JACKSON — The U.S. Navy has awarded a $2.38 billion contract to Huntington Ingalls Industries to build an amphibious assault ship.
The future USS Tripoli will be built at the company’s Ingalls Shipbuilding division in Pascagoula. The Defense Department announced the contract Thursday.
The shipyard earlier won a contract to order advance materials.
The Tripoli’s sister ship, the future USS America, is currently under construction in Pascagoula. Huntington Ingalls says it will launch the America this summer and deliver it to the Navy next year. The ships are meant to land Marines on shore using helicopters supported by fighter jets, and can serve as small aircraft carriers. The previous class of assault ships could also launch landing craft from an interior dock.
The shipyard, with 10,000 employees, is Mississippi’s largest industrial employer.
Navy Secretary Ray Mabus announced earlier this month that the ship would be named the Tripoli. It will be the third ship to bear that name, commemorating the capture of Derna in what is now Libya in 1805 by a force of U.S. Marines and soldiers from other nations. The battle, memorialized in the Marines’ Hymn with the line “to the shores of Tripoli,” brought victory in the First Barbary War against Mediterranean pirates.
Huntington Ingalls, based in Newport News, Va., had said earlier this month that it was negotiating the contract with the Navy.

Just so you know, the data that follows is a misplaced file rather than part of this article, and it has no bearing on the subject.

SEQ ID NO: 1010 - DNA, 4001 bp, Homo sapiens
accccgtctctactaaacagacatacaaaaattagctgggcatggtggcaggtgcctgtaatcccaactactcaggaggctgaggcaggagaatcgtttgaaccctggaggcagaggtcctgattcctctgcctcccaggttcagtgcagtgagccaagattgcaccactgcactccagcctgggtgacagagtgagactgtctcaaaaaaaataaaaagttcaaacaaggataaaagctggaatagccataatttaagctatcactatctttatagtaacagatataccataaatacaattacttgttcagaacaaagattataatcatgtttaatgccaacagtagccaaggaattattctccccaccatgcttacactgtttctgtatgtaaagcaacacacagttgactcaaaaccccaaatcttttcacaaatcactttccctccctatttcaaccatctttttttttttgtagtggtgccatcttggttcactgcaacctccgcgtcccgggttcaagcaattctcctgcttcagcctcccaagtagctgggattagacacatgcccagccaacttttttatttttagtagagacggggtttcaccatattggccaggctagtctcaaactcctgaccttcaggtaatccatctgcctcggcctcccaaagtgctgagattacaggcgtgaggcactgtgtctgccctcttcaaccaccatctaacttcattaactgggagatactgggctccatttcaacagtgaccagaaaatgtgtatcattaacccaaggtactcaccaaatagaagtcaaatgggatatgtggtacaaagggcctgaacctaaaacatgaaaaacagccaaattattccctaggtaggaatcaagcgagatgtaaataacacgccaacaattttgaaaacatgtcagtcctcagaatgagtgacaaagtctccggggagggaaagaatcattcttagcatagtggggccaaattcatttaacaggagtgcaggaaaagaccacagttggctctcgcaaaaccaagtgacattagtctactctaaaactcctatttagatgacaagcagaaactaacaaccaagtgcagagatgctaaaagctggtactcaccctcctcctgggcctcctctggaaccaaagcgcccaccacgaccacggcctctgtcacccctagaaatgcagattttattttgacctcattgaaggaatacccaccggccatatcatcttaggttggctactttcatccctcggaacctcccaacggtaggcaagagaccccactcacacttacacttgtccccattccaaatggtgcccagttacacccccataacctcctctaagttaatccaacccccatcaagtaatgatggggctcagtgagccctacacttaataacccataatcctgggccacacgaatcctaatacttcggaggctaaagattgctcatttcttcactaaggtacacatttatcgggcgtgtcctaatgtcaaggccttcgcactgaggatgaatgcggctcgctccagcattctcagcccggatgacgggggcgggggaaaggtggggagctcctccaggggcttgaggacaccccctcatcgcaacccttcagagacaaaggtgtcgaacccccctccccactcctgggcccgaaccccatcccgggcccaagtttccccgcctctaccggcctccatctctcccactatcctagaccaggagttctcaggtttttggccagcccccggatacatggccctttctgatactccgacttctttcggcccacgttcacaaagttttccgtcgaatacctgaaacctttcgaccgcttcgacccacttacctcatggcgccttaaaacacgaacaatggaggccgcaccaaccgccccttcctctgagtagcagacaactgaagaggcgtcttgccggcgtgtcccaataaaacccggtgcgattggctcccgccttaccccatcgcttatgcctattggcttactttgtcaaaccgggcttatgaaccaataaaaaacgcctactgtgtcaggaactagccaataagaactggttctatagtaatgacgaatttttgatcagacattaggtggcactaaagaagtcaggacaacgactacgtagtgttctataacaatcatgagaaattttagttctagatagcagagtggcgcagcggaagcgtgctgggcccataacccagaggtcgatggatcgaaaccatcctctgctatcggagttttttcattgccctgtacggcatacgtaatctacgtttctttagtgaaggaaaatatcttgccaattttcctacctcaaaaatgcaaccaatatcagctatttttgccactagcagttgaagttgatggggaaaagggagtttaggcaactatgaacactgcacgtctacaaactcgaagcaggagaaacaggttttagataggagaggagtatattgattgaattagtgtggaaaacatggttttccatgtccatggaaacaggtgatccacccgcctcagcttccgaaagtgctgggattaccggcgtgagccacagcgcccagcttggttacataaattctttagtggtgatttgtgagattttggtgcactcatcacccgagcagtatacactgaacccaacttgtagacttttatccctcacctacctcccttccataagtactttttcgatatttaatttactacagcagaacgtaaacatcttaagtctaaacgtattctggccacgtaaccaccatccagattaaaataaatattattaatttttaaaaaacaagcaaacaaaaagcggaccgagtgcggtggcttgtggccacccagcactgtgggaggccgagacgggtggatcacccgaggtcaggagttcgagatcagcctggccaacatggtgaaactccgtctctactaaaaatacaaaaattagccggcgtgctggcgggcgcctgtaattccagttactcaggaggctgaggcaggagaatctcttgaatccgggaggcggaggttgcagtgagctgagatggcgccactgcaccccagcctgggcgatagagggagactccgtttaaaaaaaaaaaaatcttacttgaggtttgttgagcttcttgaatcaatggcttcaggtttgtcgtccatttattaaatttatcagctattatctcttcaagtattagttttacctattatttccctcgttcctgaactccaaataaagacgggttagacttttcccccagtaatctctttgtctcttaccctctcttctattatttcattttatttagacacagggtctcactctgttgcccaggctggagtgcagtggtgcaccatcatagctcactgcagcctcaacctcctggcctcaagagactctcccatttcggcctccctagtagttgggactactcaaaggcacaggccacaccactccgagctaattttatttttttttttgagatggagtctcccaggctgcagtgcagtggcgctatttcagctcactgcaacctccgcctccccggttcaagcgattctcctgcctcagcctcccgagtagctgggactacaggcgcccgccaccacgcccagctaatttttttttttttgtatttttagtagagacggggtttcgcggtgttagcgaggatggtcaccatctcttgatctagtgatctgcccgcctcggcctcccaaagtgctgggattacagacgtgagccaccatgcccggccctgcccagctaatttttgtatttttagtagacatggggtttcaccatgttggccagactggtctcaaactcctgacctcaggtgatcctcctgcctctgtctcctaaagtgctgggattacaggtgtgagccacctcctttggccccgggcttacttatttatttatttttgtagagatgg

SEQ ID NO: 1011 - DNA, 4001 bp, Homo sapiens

“Large-deck amphibious ship construction is an important component of our business plan, and we are pleased to have reached agreement with the Navy on this contract,” said Ingalls Shipbuilding President Irwin F. Edenzon.
The ship will be 844 feet long, 106 feet wide and weigh nearly 45,000 tons. It will host a crew of more than 1,000, with room to carry more than 1,600 additional Marines.
Ingalls is the only American shipyard which builds amphibious assault ships, having built 13 others in the past. Ingalls struggled to build the last amphibious ship that it delivered, the USS Makin Island. Then parent-company Northrop Grumman Corp. had to write off more than $200 million after it had to rip out and redo bad wiring.
“We have an excellent build plan in place for (the ship), and we will continue to develop fresh ideas through the knowledge and experience our shipbuilders have in large-deck construction,” said Brian Cuccias, Ingalls’ vice president for large-deck amphibious ships.